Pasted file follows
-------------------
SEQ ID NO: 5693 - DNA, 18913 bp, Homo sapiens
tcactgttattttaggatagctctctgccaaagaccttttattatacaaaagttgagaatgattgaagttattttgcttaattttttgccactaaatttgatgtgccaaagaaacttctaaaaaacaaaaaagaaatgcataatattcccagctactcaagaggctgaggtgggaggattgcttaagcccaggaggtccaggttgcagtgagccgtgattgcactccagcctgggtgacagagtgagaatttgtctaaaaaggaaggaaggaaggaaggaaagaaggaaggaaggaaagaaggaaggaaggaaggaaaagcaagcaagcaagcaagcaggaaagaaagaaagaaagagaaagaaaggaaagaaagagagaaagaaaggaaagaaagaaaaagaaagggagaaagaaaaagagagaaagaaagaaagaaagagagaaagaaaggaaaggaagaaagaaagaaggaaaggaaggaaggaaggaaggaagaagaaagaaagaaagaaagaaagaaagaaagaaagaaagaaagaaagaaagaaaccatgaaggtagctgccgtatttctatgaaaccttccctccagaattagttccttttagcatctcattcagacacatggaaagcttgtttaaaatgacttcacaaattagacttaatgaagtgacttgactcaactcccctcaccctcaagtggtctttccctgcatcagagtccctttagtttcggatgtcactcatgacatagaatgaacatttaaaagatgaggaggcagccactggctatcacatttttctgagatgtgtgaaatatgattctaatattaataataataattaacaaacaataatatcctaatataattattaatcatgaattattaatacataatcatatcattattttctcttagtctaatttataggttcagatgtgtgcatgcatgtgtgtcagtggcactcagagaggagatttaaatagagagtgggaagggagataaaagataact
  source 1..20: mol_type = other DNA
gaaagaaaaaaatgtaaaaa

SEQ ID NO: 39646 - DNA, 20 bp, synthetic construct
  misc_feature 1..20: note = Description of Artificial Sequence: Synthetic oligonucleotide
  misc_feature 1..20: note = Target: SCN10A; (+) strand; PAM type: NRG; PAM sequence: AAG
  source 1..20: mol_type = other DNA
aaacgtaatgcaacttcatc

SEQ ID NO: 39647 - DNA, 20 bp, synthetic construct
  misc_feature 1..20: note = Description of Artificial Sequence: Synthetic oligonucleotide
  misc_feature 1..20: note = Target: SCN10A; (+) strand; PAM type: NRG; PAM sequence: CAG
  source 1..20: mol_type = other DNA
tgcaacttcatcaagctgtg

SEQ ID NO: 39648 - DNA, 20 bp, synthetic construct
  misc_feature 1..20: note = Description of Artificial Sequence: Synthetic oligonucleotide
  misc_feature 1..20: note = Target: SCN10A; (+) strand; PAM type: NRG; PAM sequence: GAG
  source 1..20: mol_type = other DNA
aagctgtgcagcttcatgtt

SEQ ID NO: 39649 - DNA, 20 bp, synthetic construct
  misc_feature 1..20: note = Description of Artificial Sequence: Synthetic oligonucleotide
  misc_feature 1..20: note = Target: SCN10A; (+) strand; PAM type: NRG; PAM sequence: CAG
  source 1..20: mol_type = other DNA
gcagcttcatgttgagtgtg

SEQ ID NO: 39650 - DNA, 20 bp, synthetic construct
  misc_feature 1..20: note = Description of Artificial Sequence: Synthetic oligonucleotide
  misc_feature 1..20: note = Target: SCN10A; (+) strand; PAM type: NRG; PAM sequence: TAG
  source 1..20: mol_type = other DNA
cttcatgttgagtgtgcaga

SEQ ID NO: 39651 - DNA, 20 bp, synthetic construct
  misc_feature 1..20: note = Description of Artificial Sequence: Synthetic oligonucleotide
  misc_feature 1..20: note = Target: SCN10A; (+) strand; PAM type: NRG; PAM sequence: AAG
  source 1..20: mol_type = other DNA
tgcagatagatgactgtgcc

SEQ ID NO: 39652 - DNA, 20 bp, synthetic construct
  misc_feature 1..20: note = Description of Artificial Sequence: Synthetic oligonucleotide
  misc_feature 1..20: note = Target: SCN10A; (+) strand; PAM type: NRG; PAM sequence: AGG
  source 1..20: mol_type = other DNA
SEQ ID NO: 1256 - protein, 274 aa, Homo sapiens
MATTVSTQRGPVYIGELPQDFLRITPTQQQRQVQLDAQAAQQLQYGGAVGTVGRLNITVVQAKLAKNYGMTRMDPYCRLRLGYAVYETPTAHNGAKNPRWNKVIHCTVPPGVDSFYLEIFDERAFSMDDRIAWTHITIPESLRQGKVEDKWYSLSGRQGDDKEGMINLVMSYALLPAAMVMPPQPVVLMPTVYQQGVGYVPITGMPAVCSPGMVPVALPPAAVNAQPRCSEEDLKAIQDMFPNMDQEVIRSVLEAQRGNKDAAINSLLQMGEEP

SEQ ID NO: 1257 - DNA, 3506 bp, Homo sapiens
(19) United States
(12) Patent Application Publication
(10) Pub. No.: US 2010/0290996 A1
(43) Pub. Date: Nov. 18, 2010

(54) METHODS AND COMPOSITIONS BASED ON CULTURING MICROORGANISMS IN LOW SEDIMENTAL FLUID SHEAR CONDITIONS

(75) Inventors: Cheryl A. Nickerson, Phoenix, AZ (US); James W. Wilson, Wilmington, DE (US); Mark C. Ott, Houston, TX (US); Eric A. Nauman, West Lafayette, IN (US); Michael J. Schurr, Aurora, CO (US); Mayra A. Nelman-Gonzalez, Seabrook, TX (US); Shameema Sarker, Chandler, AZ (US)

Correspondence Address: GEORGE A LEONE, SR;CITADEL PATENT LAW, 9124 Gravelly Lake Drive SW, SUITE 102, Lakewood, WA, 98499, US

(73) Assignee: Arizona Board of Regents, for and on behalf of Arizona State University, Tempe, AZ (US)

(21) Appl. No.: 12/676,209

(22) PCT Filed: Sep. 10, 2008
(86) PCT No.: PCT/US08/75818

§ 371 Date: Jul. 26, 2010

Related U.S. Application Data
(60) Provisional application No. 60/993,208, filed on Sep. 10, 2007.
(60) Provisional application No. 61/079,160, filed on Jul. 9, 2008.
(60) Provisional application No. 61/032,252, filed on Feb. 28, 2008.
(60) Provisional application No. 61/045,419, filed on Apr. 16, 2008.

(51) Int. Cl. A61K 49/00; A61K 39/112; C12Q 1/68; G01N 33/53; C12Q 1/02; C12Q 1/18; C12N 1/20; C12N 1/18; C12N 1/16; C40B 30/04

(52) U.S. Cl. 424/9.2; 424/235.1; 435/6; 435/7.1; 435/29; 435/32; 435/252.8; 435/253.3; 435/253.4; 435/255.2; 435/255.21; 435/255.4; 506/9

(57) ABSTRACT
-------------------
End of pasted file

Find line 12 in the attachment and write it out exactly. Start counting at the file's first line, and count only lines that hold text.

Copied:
  misc_feature 1..20: note = Target: SCN10A; (+) strand; PAM type: NRG; PAM sequence: CAG